Houchang Chehabi is a professor of International Relations and History at Boston University, and has been concurrently teaching at Harvard University since 1987. Although he is a leading expert in history with specializations in Middle Eastern politics and cultural history, Shiism, and international law, his main research focuses on the history of Iran and surrounding countries. He previously taught at Oxford and UCLA and impressively acquired fellowships with both the Alexander von Humboldt and Woodrow Wilson foundations. Chehabi received both his MA and PhD from Yale University and has written numerous articles, book reviews, and translations. He published two books, Iranian Politics and Religious Modernism: the Liberation Movement of Iran Under the Shah and Khomeini (1990) and Distant Relations: Iran and Lebanon in the Last 500 Years (2006). He also co-edited Politics, Society, and Democracy: Comparative Studies (1995); Sultanistic Regimes (1998); Iran’s Constitutional Revolution: Popular Politics, Cultural Transformations, and Transnational Connections (2010); and Iran and the Challenges of the Twenty-First Century: Essays in Honour of Mohammad-Reza Djalili (2013).
Dr. Stephanie Cronin
Lecturer, Iranian History, Faculty of Oriental Studies
St. Antony's College, University of Oxford
Stephanie Cronin is lecturer in Iranian history in the Faculty of Oriental Studies, and a member of St. Antony’s College, University of Oxford. Cronin has held an Iran Heritage Foundation fellowship for many years. She is currently working on a comparative study of Middle Eastern state building. She is the author of Shahs, Soldiers and Subalterns in Iran: Opposition, Protest and Revolt, 1921-1941 (2010); Tribal Politics in Iran: Rural Conflict and the New State, 1921-1941 (2006); and The Army and the Creation of the Pahlavi State in Iran, 1910-1926 (1997). She is the editor of Subalterns and Social Protest: History from Below in the Middle East and North Africa (2007); Reformers and Revolutionaries in Modern Iran: New Perspectives on the Iranian Left (2004); and The Making of Modern Iran; State and Society Under Riza Shah, 1921-1941 (2003).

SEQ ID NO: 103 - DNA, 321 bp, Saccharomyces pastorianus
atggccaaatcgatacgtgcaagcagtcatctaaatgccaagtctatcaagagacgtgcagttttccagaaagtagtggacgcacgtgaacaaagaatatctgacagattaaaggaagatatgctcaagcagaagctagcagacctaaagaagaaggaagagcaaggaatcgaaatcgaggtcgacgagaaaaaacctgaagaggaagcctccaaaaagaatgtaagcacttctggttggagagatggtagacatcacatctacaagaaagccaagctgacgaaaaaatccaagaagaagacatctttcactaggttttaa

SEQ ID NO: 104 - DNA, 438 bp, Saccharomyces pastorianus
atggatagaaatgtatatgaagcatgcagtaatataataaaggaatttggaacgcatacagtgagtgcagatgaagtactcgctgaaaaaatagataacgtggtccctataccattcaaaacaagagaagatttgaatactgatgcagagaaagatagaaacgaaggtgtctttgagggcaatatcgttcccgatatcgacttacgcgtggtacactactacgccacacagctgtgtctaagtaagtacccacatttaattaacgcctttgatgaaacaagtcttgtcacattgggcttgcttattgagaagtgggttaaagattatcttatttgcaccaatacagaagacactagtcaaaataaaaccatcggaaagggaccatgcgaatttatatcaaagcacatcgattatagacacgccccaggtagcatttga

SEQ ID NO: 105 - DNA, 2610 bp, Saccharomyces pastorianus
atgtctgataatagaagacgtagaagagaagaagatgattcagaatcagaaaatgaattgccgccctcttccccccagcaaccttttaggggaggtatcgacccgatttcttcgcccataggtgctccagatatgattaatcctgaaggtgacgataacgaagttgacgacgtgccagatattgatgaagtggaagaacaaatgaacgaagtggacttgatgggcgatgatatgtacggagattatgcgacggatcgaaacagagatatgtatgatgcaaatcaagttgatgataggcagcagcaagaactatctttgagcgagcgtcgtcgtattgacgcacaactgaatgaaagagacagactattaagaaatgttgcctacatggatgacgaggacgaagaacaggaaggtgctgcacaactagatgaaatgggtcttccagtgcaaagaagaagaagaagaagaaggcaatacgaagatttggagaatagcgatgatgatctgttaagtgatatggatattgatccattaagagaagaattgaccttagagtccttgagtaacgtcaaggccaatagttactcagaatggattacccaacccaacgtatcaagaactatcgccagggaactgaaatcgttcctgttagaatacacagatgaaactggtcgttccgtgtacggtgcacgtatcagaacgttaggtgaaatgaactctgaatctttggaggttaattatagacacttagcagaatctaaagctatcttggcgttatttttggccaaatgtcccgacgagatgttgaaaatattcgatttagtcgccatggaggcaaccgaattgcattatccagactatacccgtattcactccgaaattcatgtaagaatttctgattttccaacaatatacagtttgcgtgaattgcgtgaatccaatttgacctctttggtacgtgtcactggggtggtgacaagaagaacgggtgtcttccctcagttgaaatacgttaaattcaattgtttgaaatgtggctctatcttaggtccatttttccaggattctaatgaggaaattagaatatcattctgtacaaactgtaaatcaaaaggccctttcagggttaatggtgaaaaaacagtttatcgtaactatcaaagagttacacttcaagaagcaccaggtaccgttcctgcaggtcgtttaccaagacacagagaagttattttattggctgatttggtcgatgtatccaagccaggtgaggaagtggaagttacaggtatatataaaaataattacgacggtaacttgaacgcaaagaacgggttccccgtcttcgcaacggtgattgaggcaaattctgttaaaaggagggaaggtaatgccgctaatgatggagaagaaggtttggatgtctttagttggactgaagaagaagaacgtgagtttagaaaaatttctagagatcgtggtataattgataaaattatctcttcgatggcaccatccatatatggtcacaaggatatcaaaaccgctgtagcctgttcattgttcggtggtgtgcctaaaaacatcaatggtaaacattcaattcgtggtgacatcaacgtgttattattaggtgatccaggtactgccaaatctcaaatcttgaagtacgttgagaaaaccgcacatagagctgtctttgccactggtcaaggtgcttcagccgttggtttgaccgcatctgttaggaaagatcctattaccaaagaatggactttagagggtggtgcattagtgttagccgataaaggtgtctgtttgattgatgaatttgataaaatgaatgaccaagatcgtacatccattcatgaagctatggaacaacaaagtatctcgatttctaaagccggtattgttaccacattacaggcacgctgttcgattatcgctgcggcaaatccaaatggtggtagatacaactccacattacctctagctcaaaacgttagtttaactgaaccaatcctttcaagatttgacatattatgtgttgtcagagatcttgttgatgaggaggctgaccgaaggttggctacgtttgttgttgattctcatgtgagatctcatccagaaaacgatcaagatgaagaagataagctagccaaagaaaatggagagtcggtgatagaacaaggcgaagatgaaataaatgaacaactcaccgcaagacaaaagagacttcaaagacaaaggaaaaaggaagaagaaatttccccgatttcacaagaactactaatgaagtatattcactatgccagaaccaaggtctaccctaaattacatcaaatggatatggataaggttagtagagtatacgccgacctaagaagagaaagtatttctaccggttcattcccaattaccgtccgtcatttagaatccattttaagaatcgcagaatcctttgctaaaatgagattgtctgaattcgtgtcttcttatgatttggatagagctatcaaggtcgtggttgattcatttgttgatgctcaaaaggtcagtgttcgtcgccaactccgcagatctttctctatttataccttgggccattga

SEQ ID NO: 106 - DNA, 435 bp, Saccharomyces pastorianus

Dr. Shirin Ebadi
Human Rights Activist pertaining to Women, Children and Political Prisoners
Iran’s First Female Judge
First Muslim woman awarded Nobel Peace Prize in 2003
Shirin Ebadi is an Iranian lawyer, a former judge, and human rights activist. In addition to writing several books and articles in support of human rights, Ebadi founded the Association for Support of Children’s Rights in 1995 and the Human Rights Defense Center in 2001. In 2003, Ebadi was the first Iranian awarded the Nobel Peace Prize due to her significant and pioneering efforts for democracy and human rights, especially women’s, children’s, and refugee rights. Ebadi earned her law degree at Tehran University’s Faculty of Law and served as a judge in 1969. In 1975, Ebadi was appointed President of Bench 24 of Tehran’s City Court, becoming the first female in the history of Iranian justice system to achieve this distinction. More recently, Ebadi attended the first Trust Women Conference (2012) in London, where she promoted her petition to amend the gender-discrimination laws in Iran’s constitution. Ebadi’s publications include: Iran Awakening: One Woman’s Journey to Reclaim Her Life and Country (2007); Refugee Rights in Iran (2008); and The Golden Cage: three brothers, three choices, one destiny (2011).